And speaking of Bread I don’t know how things are in the rest of the world, but in the UK, when sliced bread came out first and developed we had Thin Sliced Bread and Medium Sliced Bread and finally Thick Sliced Bread, but gradually the Medium became the Thin and the Thick Became the Medium and thus did the manufactures lead into the realm of Extra Thick or Toasting Bread to make us think we were getting something extra!

‘Getting something extra. When we are just getting the same for a higher cost,’ Garnstang said bitterly and ground the half smoked cigarette into the pavement, noting with grim satisfaction the look of distain from the approaching young woman; he’d forced her out of her fashionably secure bubble to make her fashionably reactive pose’

Now you carry on like that for an hour or so, with a cup of favoured herbal brew at your side at that stage you should stop because you might be getting out of breath, or annoying another householder by the sound caused by the frantic tapping of the keyboard. Anyway you’ll have to go back to Spell-Check to make adjustments and also there will be time spent make dismissive noises at Word’s accusation of you using Reflexive Pronouns or Fragments.

You should then consider does this stand as a narrative or could you take portions and put them in other places or adds bits on. Taking the example above:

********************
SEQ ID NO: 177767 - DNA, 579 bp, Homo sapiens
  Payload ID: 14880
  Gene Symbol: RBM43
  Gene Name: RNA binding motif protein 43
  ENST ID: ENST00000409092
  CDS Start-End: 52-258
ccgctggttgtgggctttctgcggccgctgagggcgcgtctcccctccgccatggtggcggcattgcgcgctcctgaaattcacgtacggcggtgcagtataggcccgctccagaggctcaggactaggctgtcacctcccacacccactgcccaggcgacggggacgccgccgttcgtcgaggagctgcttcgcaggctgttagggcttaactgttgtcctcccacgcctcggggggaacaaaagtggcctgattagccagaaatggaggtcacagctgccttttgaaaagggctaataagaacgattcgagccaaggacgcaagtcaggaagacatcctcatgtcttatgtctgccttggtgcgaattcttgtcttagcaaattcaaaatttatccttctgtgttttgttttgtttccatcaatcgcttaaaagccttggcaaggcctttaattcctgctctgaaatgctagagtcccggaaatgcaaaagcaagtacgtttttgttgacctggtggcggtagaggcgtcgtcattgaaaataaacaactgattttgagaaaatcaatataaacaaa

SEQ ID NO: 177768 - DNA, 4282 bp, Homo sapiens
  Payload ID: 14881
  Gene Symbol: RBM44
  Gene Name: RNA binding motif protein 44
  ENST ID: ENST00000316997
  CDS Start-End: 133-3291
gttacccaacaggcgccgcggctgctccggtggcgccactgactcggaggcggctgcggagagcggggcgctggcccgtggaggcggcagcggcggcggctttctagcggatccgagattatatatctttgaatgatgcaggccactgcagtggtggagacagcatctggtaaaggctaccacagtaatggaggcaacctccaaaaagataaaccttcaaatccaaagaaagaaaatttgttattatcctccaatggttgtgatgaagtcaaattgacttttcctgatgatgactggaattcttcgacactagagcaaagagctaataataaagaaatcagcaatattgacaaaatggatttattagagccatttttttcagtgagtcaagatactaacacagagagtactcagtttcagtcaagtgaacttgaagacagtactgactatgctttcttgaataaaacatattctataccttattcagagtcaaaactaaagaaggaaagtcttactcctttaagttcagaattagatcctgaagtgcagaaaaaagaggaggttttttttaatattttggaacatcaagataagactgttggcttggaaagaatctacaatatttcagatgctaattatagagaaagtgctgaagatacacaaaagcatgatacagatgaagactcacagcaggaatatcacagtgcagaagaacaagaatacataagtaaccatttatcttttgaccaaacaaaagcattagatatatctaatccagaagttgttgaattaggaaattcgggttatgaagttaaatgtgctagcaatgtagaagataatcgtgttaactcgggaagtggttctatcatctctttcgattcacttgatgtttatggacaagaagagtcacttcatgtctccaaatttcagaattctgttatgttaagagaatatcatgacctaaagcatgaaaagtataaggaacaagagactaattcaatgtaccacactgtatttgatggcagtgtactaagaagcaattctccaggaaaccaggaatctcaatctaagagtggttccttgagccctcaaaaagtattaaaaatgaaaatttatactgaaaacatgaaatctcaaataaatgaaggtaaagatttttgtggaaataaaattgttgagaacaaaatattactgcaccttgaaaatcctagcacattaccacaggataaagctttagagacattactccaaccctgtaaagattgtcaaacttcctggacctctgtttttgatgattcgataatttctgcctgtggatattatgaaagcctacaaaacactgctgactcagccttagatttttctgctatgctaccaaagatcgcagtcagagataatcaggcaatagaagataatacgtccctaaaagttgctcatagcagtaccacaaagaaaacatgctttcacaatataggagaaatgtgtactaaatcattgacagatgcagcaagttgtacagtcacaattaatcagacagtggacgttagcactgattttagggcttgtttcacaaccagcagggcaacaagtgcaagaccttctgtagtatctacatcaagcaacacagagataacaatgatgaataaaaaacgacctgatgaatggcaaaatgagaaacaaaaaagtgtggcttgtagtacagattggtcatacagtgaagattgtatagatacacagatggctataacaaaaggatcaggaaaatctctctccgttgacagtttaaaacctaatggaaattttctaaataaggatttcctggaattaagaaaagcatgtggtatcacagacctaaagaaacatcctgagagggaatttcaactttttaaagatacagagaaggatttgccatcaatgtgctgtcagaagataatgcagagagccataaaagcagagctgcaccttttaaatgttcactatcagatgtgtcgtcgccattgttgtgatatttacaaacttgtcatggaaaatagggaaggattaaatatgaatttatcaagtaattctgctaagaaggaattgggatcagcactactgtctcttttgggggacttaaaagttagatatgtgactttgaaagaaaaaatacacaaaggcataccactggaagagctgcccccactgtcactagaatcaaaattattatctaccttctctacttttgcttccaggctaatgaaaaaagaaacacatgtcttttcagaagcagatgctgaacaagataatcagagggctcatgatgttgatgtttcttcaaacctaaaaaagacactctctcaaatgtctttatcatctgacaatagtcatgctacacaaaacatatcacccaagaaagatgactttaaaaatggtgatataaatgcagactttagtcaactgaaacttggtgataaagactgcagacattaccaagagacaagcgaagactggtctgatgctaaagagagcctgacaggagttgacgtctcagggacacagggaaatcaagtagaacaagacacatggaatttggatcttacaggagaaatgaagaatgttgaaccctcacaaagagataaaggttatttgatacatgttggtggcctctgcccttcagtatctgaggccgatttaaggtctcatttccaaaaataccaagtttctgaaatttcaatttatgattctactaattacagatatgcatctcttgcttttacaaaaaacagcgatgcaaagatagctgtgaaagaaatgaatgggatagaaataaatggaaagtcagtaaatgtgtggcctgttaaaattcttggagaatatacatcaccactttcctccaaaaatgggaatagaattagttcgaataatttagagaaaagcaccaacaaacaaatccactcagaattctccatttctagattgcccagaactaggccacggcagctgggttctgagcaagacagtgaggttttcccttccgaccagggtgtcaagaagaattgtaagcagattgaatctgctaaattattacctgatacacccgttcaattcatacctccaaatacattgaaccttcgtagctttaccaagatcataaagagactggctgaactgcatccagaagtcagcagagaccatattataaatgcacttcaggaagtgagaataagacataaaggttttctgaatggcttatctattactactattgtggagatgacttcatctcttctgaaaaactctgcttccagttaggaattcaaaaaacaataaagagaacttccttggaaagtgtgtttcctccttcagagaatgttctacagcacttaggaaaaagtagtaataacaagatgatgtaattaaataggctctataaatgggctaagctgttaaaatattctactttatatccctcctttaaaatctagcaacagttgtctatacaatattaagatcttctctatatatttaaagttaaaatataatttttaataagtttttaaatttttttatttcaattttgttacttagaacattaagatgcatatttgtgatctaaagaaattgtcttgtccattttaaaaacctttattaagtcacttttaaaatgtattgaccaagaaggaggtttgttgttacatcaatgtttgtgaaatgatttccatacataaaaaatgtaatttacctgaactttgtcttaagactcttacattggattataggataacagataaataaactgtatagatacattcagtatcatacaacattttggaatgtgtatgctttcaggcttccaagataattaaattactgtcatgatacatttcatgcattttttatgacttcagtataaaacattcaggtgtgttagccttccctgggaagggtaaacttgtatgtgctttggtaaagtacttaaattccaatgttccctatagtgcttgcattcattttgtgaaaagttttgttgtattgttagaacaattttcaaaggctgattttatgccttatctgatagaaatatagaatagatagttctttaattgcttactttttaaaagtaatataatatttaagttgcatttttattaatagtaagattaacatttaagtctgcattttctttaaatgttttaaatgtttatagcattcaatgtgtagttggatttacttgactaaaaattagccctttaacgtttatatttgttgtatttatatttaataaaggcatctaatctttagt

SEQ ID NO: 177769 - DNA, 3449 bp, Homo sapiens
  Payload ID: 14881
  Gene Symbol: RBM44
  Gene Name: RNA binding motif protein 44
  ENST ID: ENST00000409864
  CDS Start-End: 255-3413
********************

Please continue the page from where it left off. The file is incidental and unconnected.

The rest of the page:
‘Think of work as a loaf of bread…..’ that could be said by another character desperately trying to find a way to justify their humdrum existence.

‘And speaking of bread….’ Could be amended to ‘Huh! Don’t’ get me started on Bread’ which could be spoken by a second character and adapted into their view on consumer society.

The other bit of Garnstang should stand as if is. One should always have a bitter character who is being obnoxious.

(In the 1950s- 1970s in the UK you couldn’t move for these types spitting out their bile or ‘earthy’ (moronic) views at hapless and passive other characters. Apparently all were metaphors for what was wrong with Society while the author missed the entire point that what was wrong was with the character themselves….Looser!! They seemed to be more nuanced these days and tend blame corporations, governments or small town social groups)

Anyway there you have the start of something, three disaffected folk in a town, there’s bound to be something you can do with that.

Annnddddd you’ve started writing again!!!

‘Who cares about those editors and agents! What to they know’ you say to yourself and stride forth once more on another venture and this time….It will be different!!

(Go writers! Go!!)

On Dealing With Rejection